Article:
John Lott is a right-wing author who has made claims about the benefits of guns using fabricated evidence. To support his points on the Internet, he adopts various pseudonyms (known as sock puppets) who write in supporting John Lott and giving his books good reviews.
Lott is Resident Scholar at the American Enterprise Institute, a conservative think tank, where he "studies crime, antitrust, education, gun control, campaign finance, and voting and legislative behavior". 
More Guns, More Crime
Lott published a book called More Guns, Less Crime presenting evidence that concealed-carry laws correlated with lower crime rates. However, a more extensive 2002 study found that, if anything, more guns led to more crime. Lott responded with an even more extensive study which confirmed his original claim. But Lott's study was plagued by coding errors which, when fixed, eliminated his conclusion. (This was the second time people had found coding errors in Lott's work.) Lott changed the model to add more bias to his results and restore his conclusions, but did not say so. When confronted with the change, he denied having made it and attempted to cover his tracks by tampering with file-modification dates. Even with the new biased model, "placebo laws" found that Lott's results are not statistically significant.
Tim Lambert, Coding errors in More Guns, Less Crime data.
Lott claimed that 98% of defensive gun uses required only brandishing the gun, originally citing national polls. Lott later cited Gary Kleck as his source. In 2000, Lott later claimed that the number was based on his own survey, not Kleck. Lott claimed the survey was done over three months in 1997, but he first cites it in February 1997. Lott also failed to mention his study when asked by a reporter about it in 1999.
Lott cannot provide details of the survey, saying he lost all his data in a hard drive crash. When asked for funding records or other evidence, Lott said he paid for the project himself, used volunteers students, had them make calls from their own phones, and did not discuss the survey design with anyone else. Lott says he can't remember the names of the volunteers. Meanwhile, nine published surveys showed between 21% and 67% of gun uses required shooting (far more than the 2% Lott suggests).
In fact, the only evidence Lott can provide is that a couple colleagues vaguely remember him mentioning such a survey.
All this has led even extreme conservatives like Michelle Malkin to suggest Lott never conducted the survey. But even if Lott did conduct such a survey, it was unethical of him to cite other sources for the number and continue to publicly cite its results after all of the original evidence had been lost.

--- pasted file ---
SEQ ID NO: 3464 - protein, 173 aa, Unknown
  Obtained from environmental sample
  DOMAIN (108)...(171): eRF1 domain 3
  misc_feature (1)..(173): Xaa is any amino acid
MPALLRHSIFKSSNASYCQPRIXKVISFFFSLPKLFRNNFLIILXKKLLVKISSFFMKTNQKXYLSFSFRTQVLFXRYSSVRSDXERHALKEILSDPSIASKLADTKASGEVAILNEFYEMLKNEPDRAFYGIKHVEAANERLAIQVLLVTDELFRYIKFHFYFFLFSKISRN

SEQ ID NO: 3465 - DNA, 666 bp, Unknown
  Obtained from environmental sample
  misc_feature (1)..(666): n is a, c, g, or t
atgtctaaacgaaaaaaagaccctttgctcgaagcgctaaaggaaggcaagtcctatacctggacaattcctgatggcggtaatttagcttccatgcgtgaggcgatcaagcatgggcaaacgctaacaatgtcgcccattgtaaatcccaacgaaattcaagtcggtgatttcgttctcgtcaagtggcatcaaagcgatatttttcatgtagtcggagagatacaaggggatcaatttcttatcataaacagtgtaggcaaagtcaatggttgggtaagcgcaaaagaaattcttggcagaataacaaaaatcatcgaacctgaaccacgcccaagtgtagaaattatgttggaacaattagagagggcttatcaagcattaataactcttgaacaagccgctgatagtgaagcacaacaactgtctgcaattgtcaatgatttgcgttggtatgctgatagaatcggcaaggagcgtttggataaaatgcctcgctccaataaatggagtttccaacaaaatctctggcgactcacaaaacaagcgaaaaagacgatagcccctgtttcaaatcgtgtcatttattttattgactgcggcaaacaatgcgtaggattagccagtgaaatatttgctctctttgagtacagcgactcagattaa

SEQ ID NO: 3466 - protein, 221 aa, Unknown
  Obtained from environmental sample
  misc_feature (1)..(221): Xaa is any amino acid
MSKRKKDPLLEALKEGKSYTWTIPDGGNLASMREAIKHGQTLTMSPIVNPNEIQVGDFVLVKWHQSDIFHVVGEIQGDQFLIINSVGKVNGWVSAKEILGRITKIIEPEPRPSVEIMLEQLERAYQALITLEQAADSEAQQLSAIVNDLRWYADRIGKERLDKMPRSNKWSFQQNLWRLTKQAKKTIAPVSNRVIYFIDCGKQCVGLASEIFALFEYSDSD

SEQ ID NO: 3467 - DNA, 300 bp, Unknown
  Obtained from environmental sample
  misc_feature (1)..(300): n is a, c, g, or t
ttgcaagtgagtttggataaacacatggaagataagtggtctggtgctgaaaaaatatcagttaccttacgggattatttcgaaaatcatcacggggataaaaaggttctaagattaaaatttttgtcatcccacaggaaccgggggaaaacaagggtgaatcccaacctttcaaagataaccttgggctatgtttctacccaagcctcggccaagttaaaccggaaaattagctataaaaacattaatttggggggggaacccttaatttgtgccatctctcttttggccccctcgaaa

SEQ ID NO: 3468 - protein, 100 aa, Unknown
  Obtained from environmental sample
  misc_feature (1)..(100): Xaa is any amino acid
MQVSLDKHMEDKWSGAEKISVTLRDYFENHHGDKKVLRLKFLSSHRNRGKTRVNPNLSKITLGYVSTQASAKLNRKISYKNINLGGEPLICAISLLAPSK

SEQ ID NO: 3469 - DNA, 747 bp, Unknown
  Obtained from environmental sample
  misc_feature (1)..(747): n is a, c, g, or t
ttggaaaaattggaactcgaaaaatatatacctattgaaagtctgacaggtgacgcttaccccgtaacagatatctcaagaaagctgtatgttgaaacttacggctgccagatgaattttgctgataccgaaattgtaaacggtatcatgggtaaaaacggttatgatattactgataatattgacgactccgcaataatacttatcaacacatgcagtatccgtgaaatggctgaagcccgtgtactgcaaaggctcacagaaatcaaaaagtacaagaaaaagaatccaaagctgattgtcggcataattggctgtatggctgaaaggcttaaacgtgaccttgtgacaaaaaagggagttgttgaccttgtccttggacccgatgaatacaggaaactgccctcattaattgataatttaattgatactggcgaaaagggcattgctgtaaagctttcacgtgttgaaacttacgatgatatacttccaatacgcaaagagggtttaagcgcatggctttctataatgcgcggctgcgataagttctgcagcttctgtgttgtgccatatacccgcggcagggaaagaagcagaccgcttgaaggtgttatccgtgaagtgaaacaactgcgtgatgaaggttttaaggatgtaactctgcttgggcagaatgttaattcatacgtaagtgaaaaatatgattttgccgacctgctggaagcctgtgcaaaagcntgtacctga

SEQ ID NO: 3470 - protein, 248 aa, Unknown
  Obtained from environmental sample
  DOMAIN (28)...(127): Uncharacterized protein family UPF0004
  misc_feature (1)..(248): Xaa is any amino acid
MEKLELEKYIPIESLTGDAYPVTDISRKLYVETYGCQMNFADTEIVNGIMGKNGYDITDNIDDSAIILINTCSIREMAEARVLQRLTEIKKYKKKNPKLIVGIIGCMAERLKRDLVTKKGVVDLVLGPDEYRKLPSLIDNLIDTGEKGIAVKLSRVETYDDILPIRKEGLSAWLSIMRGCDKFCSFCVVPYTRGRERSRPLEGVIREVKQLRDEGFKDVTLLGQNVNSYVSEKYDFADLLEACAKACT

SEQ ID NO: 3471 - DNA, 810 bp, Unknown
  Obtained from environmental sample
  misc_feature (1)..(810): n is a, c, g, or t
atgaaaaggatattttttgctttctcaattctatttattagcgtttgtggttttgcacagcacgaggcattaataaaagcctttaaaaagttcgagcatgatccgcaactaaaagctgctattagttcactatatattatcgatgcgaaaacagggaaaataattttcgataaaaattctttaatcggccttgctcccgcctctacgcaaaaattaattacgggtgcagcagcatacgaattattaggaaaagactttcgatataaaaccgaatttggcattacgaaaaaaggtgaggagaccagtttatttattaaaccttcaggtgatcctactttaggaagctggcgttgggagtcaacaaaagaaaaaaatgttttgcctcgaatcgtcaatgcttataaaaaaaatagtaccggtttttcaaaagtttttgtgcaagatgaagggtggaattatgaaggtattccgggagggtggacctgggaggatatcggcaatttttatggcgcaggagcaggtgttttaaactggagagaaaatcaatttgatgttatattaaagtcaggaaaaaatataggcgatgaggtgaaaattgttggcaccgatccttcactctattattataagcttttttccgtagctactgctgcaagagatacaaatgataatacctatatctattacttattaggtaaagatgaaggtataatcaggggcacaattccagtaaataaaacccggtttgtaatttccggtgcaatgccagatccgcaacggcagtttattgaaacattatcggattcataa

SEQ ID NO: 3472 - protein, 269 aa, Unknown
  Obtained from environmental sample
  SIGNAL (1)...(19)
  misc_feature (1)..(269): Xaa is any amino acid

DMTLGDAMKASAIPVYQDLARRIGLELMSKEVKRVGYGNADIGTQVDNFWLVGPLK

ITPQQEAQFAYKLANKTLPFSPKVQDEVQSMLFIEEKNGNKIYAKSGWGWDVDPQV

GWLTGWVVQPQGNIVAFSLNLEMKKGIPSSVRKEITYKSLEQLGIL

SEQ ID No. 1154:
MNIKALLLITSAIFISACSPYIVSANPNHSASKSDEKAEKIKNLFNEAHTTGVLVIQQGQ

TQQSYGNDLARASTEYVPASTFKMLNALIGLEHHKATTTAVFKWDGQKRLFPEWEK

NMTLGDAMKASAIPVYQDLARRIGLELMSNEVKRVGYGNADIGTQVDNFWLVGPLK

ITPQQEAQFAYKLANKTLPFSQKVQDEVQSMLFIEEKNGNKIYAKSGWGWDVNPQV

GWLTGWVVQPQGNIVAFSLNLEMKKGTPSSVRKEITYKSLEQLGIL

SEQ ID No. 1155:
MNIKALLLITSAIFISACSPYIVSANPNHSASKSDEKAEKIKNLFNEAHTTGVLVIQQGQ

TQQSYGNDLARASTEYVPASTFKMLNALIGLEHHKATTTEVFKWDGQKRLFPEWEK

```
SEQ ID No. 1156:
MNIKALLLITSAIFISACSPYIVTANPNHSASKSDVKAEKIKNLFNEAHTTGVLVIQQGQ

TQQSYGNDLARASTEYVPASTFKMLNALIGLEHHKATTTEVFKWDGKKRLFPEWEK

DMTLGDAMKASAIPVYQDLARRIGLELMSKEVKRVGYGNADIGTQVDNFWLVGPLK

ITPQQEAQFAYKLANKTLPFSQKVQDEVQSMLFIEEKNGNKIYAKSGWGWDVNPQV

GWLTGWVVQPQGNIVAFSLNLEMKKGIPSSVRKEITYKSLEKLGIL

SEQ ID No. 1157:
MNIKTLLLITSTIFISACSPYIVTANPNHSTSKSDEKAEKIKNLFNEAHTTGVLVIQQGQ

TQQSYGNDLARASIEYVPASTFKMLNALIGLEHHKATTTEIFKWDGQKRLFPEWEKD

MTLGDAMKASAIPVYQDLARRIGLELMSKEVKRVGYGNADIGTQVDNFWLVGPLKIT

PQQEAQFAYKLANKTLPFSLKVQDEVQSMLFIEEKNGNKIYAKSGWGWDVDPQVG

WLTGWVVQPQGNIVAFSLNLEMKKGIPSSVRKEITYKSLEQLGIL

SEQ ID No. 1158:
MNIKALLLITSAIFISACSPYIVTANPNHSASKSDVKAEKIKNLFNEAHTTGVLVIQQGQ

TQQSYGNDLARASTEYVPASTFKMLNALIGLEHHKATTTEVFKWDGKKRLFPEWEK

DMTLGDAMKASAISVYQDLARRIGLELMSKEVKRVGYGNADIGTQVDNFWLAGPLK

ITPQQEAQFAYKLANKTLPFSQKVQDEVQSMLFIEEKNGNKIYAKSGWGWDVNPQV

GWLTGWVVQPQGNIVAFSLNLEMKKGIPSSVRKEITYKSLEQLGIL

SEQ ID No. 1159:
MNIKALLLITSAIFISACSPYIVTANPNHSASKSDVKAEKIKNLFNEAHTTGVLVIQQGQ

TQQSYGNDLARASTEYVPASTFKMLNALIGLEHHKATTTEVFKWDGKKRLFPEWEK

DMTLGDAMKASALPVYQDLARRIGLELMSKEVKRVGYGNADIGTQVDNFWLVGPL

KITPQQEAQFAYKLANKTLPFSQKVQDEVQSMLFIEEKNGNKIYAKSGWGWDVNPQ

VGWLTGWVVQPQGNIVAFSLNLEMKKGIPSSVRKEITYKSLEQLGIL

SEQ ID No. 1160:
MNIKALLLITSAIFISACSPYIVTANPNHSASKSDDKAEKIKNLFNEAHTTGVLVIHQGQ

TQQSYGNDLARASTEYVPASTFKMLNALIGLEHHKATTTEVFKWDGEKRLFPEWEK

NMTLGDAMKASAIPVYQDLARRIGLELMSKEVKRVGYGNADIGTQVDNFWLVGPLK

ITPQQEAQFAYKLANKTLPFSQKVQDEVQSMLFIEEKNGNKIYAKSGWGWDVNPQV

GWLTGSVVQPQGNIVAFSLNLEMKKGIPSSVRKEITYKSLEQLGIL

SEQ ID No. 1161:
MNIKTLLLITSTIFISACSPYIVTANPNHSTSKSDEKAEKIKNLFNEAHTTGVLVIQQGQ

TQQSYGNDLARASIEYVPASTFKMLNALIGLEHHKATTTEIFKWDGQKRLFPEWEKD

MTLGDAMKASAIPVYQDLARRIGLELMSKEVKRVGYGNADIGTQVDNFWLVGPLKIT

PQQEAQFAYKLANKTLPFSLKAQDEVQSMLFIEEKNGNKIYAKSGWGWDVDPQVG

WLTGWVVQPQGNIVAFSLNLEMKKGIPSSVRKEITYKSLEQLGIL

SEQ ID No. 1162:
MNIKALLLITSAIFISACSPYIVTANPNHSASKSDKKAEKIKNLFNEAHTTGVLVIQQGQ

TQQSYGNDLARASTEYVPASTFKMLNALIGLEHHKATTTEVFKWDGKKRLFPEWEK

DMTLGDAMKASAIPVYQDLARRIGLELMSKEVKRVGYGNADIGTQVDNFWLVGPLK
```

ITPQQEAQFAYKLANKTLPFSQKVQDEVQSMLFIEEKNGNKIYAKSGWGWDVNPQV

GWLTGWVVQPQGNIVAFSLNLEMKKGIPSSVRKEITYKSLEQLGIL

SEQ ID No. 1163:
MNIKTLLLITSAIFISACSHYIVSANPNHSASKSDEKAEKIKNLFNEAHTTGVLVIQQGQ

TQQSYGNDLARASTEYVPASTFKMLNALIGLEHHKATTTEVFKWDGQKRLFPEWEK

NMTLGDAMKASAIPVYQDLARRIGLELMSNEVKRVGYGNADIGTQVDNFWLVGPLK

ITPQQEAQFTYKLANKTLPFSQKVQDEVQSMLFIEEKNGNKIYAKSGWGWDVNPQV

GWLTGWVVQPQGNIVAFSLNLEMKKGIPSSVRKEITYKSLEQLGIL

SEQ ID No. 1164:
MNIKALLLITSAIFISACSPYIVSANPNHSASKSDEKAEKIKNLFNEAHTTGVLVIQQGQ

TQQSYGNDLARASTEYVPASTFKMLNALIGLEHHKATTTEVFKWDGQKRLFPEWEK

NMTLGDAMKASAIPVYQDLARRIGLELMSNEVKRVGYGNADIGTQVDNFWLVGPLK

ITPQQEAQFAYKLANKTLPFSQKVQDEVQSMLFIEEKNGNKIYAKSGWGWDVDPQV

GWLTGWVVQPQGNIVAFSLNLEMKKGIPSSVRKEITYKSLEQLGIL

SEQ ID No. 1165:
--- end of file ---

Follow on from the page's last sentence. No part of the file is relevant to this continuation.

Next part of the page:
Tim Lambert, John Lott's Mysterious Survey.
James Lindgren, Comments on Questions About John R. Lott's Claims Regarding a 1997 Survey.
Michelle Malkin, The Other Lott Controversy, WorldNetDaily, February 5, 2003.
Lott has given himself seventeen five-star reviews using various techniques to conceal that he was the author. He's also written concealed negative reviews of books whose authors he didn't like. (For example, after Michelle Malkin's column denouncing him (see above), he gave her book a one-star review.) He has posed as another person and posted defenses of himself on discussion groups, under false names like "Mary Rosh". ("I have to say that he was the best professor I ever had," Rosh gushed in one Internet posting. "There were a group of us students who would try to take any class that he taught. Lott finally had to tell us that it was best for us to try and take classes from other professors.")
Unmasked by bloggers, he conceded "I shouldn?'t have used [the psuedonym". He later told the Washington Post, "I probably shouldn't have done it -- I know I shouldn't have done it -- but it's hard to think of any big advantage I got except to be able to comment fictitiously."
But the very next day Lott started up again under a new name. He later went so far as to have one puppet disagree with things he posted as another puppet!
Science editor-in-chief Donald Kennedy concluded "What [Lott] did was to construct a false identity for a scholar, whom he then deployed in repeated support of his positions and in repeated attacks on his opponents. In most circles, this goes down as fraud." 
Tim Lambert, John Lott's online book reviews, July 12, 2003.
Richard Morin, Scholar Invents Fan To Answer His Critics, Washington Post, February 1, 2003.
Tim Lambert, John Lott's Fabricated Identities.
Lott claimed that "For every two additional black Republicans in the average precinct, there was one additional non-voted ballot."  In other words, half of all black Republican ballots were invalid. While this is obviously absurd, following it out even contradicts a later Lott claim. Using Lott's numbers, black Republicans alone meant 2.5% of all black ballots were invalid, but Lott later says that less than 1% were invalid.
Tim Lambert, Lott's bizarre claim about Florida 2000.